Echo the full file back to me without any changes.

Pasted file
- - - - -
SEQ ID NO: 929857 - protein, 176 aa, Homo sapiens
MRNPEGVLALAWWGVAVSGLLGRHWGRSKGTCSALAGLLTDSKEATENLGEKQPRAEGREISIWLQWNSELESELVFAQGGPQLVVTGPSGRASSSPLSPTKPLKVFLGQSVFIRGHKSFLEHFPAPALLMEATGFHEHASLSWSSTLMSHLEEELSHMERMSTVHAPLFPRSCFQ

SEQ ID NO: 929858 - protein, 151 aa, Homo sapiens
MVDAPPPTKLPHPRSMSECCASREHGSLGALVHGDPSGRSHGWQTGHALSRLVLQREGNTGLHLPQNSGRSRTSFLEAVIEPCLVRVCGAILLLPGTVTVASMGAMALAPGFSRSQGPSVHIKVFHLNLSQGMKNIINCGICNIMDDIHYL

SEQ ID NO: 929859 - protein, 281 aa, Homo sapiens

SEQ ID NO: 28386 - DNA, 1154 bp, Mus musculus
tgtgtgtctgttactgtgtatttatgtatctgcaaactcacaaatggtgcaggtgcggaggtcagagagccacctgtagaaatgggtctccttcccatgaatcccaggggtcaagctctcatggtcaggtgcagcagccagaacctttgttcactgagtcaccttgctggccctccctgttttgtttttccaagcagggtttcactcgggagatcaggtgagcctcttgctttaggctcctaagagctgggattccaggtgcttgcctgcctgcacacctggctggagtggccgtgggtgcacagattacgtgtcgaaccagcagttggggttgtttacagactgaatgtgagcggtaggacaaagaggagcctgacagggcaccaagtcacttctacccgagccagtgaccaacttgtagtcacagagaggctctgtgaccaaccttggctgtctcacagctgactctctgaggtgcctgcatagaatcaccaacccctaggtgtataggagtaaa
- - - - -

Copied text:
SEQ ID NO: 929857 - protein, 176 aa, Homo sapiens
MRNPEGVLALAWWGVAVSGLLGRHWGRSKGTCSALAGLLTDSKEATENLGEKQPRAEGREISIWLQWNSELESELVFAQGGPQLVVTGPSGRASSSPLSPTKPLKVFLGQSVFIRGHKSFLEHFPAPALLMEATGFHEHASLSWSSTLMSHLEEELSHMERMSTVHAPLFPRSCFQ

SEQ ID NO: 929858 - protein, 151 aa, Homo sapiens
MVDAPPPTKLPHPRSMSECCASREHGSLGALVHGDPSGRSHGWQTGHALSRLVLQREGNTGLHLPQNSGRSRTSFLEAVIEPCLVRVCGAILLLPGTVTVASMGAMALAPGFSRSQGPSVHIKVFHLNLSQGMKNIINCGICNIMDDIHYL

SEQ ID NO: 929859 - protein, 281 aa, Homo sapiens

SEQ ID NO: 28386 - DNA, 1154 bp, Mus musculus
tgtgtgtctgttactgtgtatttatgtatctgcaaactcacaaatggtgcaggtgcggaggtcagagagccacctgtagaaatgggtctccttcccatgaatcccaggggtcaagctctcatggtcaggtgcagcagccagaacctttgttcactgagtcaccttgctggccctccctgttttgtttttccaagcagggtttcactcgggagatcaggtgagcctcttgctttaggctcctaagagctgggattccaggtgcttgcctgcctgcacacctggctggagtggccgtgggtgcacagattacgtgtcgaaccagcagttggggttgtttacagactgaatgtgagcggtaggacaaagaggagcctgacagggcaccaagtcacttctacccgagccagtgaccaacttgtagtcacagagaggctctgtgaccaaccttggctgtctcacagctgactctctgaggtgcctgcatagaatcaccaacccctaggtgtataggagtaaa